10. Moreover, neither before the learned Additional Registrar, nor before the learned Tribunal, nor before this Court, the petitioners have produced any evidence to show that any irregularities have been committed by the Society. Merely because the Society has issued the circular dated 1-11-2015, whereby the Society has given an opportunity to its members to pay the full amount of a land site in five installments, merely because the amount to be paid ranges from Rs.1,00,000/- to Rs.5,04,000/-, only on this basis, an inference cannot be drawn that irregularities are being committed by the Society. Neither the learned Additional Registrar, nor the learned Tribunal, nor this Court is of oblivious of the fact that due to the demographic pressure on Bengaluru, the prices of real estate have phenomenally escalated. Therefore, the contention raised by the petitioners that the circular dated 1-11-2015 is a clever ploy for ignoring the interest of the regular members, and for selling land sites to the associate members, the said contention cannot be accepted by this Court.
11. Once the petitioners have failed to establish their allegations of irregularity, obviously, the petitioners have not succeeded in making a prima-facie case. Thus, the petitioners have failed to establish the first criteria of granting a stay order. Moreover, since the Society is continuing to deal with the associate members as permitted by the bye-laws, the petitioners are not in a position to claim balance of convenience in their favour. Even if any irregularities, or illegalities were to be committed by the Society, and if such irregularities, or illegalities were established by the petitioners, before the learned Additional Registrar, the same can be set aside by the learned Additional Registrar at the time of final hearing of the dispute. Hence, no irreparable loss would be caused to the petitioners, if the respondent - Society were not restrained by a stay order. Considering the fact that none of the three criterion is in favour of the petitioners, the learned Additional Registrar is justified in not extending the stay order dated 15-12-2015, and the learned Tribunal is justified in confirming the order passed by the learned Additional Registrar.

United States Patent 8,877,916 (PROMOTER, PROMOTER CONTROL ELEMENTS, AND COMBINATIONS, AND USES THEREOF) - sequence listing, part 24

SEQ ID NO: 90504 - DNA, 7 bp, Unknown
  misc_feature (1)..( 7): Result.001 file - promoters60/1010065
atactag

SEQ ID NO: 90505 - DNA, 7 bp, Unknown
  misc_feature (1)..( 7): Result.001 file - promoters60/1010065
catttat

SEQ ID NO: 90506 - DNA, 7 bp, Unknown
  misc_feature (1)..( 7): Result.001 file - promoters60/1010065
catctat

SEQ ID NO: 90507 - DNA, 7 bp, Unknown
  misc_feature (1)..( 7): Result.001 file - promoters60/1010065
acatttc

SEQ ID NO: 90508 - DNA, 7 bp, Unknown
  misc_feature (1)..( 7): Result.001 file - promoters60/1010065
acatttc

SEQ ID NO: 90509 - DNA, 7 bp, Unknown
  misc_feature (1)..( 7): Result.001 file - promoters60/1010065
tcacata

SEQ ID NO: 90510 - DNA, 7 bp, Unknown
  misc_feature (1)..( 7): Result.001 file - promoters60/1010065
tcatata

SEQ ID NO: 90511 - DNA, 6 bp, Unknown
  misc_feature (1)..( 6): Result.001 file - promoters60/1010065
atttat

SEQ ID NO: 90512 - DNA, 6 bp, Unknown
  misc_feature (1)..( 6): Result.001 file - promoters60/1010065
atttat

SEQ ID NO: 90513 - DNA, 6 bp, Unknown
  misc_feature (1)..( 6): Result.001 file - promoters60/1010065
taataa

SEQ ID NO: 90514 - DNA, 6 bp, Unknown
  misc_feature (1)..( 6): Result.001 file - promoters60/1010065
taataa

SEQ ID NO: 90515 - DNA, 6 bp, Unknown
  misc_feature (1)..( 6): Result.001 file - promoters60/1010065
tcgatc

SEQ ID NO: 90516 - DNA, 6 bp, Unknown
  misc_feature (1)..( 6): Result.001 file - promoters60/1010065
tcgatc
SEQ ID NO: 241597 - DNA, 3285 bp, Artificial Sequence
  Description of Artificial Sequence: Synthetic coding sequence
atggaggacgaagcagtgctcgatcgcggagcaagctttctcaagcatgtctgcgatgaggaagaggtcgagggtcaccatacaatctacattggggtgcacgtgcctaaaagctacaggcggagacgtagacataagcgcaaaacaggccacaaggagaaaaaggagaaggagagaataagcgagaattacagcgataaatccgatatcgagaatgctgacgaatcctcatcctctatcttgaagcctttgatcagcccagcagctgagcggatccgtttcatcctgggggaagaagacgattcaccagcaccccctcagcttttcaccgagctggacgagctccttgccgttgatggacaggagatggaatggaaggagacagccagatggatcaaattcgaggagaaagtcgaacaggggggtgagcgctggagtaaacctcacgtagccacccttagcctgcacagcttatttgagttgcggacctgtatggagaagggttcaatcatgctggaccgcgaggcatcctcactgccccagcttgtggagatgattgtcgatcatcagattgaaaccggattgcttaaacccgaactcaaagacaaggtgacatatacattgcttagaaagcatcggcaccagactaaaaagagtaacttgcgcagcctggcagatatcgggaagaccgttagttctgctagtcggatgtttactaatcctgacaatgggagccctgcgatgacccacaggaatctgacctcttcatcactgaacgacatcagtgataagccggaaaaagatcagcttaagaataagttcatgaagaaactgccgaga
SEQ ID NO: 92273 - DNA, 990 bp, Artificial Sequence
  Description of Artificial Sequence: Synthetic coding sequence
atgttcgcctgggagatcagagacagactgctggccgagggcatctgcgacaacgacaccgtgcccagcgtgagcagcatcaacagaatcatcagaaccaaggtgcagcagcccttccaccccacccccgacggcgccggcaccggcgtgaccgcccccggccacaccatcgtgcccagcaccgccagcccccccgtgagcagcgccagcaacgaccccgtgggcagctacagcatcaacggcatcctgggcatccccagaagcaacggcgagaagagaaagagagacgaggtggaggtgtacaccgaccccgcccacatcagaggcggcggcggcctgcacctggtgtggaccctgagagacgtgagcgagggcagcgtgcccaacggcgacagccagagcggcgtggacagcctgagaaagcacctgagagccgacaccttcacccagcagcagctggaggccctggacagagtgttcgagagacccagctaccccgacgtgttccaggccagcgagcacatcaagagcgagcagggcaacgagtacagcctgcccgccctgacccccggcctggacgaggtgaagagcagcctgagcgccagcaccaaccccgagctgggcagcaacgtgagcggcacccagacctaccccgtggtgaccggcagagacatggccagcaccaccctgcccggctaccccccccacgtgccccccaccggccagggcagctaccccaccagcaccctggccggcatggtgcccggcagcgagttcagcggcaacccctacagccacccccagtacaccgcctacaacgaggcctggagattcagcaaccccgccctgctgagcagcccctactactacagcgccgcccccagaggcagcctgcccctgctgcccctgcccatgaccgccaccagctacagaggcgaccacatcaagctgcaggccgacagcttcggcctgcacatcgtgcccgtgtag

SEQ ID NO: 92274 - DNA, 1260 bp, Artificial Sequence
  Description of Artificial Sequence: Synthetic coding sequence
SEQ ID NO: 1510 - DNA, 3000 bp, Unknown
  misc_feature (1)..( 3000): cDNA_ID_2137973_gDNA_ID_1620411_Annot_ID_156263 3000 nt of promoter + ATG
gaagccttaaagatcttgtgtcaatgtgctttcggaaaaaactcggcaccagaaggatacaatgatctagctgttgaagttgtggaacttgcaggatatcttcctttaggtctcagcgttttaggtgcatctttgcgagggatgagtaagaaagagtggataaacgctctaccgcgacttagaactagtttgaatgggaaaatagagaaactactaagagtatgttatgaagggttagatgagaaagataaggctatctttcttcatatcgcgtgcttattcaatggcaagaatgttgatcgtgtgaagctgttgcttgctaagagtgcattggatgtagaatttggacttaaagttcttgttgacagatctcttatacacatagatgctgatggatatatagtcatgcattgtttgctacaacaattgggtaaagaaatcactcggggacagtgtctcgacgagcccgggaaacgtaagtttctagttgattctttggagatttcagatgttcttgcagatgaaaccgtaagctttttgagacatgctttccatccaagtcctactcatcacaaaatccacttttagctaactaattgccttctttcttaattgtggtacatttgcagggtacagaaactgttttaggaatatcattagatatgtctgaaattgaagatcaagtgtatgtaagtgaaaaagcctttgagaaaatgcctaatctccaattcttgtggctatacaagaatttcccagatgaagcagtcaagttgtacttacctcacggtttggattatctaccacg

12. For the reasons stated above, this Court does not find any merit in these writ petitions. They are, hereby, dismissed.
However, it is clarified that any observation made by this Court with regard to merits of the cases shall not influence the final decision of the learned Additional Registrar with regard to the dispute that has been raised before him. The learned Additional Registrar is expected to pass his order on the evidence produced by both the sides. For, any observation in this regard is prima-facie in nature, and does not tantamount to a judicial finding.